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Matt Stone

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then he created two arts, one for meditation (lost in history) and one for physical (later became the foundation for martial arts).

I will concede that what Bodhidharma brought from India to Shaolin may well have had an influence on the development of the later combative methods claimed to have originated at the temple...

So who else would learn these arts other than the monks? After that, then came along "fighting monks" and others.

The existence of fighting monk/guardians would, I suspect, predate Bodhidharma - just because they did not receive instruction from him, I doubt they were completely unskilled in the ways of combat. With a hidey-hole full of pacifist monks, they would be a tempting target for criminals of all types, so I suspect that there would have been protectors of some sort present when Bodhidharma showed on the scene...

And since the entire enclave was at least nominally Buddhist, it would seem consistent that they would all be required to ensure they attended their training... a strong body is required to build a strong mind.

However, again, the focus of the monks is to attain enlightenment, spread their doctrine to the laity, meditate, and pray. Not train for combat.

As for physical/martial arts before shaolin, I believe there is one art created by a chinese doctor Hua To, that has 5 animal styles, though it is not widely recognized till shaolin came along.

Again, and I will have to check my references when I get home, I am pretty sure that there were plenty of martial styles around before Shaolin gained any degree of notoriety.

So according to my "perspective" most chinese martial arts came from shaolin, so when I said you can learn a complete package from shaolin arts, that would include ... well most chinese arts, including Xingyiquan, Taijiquan, Baguazhang and Baixingquan

Another minor error. Being Taoist in nature, Taiji and Bagua were taught not at Shaolin, but were products of the Wudang area (at least partially). Perhaps someone did practice them while at Shaolin, but they are not Shaolin arts (although, interestingly enough, Dong Haichuan was a high level Shaolin boxing practitioner prior to his entering into Bagua training...) as far as I am know...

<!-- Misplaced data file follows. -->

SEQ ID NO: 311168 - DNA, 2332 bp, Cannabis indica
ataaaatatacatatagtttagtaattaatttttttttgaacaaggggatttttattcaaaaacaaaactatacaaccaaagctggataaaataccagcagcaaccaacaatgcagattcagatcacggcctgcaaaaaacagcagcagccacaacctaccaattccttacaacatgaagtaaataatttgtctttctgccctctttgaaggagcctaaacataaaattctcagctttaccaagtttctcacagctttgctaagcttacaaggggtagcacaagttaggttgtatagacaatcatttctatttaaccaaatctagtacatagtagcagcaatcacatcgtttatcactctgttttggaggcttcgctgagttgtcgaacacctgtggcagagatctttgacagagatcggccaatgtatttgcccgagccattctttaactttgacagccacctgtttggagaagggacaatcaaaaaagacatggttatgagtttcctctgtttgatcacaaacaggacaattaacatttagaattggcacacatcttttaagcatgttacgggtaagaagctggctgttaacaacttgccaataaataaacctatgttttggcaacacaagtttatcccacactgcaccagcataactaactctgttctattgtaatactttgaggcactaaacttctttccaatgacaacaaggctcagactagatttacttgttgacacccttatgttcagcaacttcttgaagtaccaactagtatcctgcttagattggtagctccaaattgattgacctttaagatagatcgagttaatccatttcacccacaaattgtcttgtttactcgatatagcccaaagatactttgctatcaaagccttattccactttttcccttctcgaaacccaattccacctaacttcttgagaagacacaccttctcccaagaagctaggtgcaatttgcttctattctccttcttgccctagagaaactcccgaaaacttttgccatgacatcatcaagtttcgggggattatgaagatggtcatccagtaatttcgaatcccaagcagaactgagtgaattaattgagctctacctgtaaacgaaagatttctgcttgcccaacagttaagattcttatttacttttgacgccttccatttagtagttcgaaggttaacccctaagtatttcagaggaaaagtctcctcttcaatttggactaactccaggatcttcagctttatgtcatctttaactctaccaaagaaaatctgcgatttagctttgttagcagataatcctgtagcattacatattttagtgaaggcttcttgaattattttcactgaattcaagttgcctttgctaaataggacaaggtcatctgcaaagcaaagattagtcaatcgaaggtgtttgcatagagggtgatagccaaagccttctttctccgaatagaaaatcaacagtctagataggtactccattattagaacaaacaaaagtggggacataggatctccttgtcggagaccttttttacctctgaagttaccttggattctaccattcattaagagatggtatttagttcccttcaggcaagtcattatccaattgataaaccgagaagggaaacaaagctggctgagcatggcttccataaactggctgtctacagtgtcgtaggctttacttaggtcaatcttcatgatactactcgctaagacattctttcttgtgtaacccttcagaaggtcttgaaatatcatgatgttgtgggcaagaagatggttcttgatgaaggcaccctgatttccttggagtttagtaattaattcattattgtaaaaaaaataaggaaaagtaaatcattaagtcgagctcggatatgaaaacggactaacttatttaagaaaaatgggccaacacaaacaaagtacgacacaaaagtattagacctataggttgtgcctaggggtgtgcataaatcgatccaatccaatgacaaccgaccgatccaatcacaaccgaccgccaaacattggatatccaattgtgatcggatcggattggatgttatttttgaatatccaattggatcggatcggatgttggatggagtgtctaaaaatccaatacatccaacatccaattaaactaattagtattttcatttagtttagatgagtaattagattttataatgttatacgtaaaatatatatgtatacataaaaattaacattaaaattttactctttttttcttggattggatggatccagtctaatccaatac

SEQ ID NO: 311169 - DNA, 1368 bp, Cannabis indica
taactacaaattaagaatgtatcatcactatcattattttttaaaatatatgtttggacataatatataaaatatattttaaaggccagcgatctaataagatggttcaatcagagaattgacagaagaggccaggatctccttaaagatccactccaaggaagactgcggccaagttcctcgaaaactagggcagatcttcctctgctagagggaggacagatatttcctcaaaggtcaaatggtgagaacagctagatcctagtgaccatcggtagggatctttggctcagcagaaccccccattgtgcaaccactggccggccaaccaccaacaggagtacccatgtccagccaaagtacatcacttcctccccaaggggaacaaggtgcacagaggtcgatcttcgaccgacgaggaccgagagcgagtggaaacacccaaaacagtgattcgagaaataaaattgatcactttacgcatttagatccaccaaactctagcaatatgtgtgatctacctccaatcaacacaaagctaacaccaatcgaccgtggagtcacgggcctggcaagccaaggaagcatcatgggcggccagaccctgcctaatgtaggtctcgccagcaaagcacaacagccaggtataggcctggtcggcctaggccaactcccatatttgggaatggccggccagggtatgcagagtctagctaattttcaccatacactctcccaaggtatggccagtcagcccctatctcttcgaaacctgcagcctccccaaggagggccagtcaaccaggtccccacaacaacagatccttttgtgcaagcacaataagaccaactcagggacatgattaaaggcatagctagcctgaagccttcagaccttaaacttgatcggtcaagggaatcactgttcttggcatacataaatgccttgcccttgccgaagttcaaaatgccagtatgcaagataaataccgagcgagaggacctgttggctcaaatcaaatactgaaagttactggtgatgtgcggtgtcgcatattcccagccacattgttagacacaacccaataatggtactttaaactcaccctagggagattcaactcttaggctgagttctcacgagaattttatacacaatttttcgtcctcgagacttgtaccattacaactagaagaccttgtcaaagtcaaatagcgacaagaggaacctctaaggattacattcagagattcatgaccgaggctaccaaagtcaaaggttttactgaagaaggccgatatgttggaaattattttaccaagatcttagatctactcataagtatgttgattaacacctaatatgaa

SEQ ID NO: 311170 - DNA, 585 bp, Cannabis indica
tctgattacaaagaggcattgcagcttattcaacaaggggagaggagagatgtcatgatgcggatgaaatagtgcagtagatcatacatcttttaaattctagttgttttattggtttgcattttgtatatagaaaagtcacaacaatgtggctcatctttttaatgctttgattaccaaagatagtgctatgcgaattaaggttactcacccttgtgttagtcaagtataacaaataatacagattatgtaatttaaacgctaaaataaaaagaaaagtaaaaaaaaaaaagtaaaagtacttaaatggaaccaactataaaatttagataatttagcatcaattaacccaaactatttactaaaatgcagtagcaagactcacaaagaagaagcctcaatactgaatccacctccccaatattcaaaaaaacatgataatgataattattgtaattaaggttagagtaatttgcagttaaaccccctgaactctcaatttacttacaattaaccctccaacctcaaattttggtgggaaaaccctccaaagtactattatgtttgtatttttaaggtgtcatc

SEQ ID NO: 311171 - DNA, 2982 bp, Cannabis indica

Thank you for helping me grow!

:samurai: :tank:
 
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disciple

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Originally posted by Yiliquan1
I will concede that what Bodhidharma brought from India to Shaolin may well have had an influence on the development of the later combative methods claimed to have originated at the temple...
From my understanding that Da Mo created the two arts when he was in shaolin. He closed himself in a room for about 9 years creating the two arts.

Originally posted by Yiliquan1
However, again, the focus of the monks is to attain enlightenment, spread their doctrine to the laity, meditate, and pray. Not train for combat.
Understood...but as you said monks still need to train to protect themselves from harm.

Originally posted by Yiliquan1
Again, and I will have to check my references when I get home, I am pretty sure that there were plenty of martial styles around before Shaolin gained any degree of notoriety.
As far as I know this Hua To's exercise art was dated back in 1AD so maybe there were other arts before that but unfortunately were not recorded yet

Originally posted by Yiliquan1
Another minor error. Being Taoist in nature, Taiji and Bagua were taught not at Shaolin, but were products of the Wudang area (at least partially). Perhaps someone did practice them while at Shaolin, but they are not Shaolin arts (although, interestingly enough, Dong Haichuan was a high level Shaolin boxing practitioner prior to his entering into Bagua training...) as far as I am know...
Yes indeed, tai chi was not created at shaolin but wudang... although as far as I know the creator of tai chi learned martial arts at shaolin before he created tai chi...the same as most of other chinese styles, although not originally from shaolin but still based on shaolin arts. And I am not familiar with Dong Haichuan so I can't comment on that :D

Originally posted by Yiliquan1
Thank you for helping me grow!
Same here... ;)

salute

:asian:
 
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disciple

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I think we are way off track from discussing yiliquan :D

BTW, my "fantasy bubble" is still perfectly perfect ;)

salute

:asian:
 
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Matt Stone

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From my understanding that Da Mo created the two arts when he was in shaolin. He closed himself in a room for about 9 years creating the two arts.

From what I have been taught, he secluded himself for 9 years, and came out with the alleged Shaolin boxing, but more importantly the 3 sets of Yi Jin Jing exercises as well as other qigong methods... Isn't history wonderfully incomplete? :D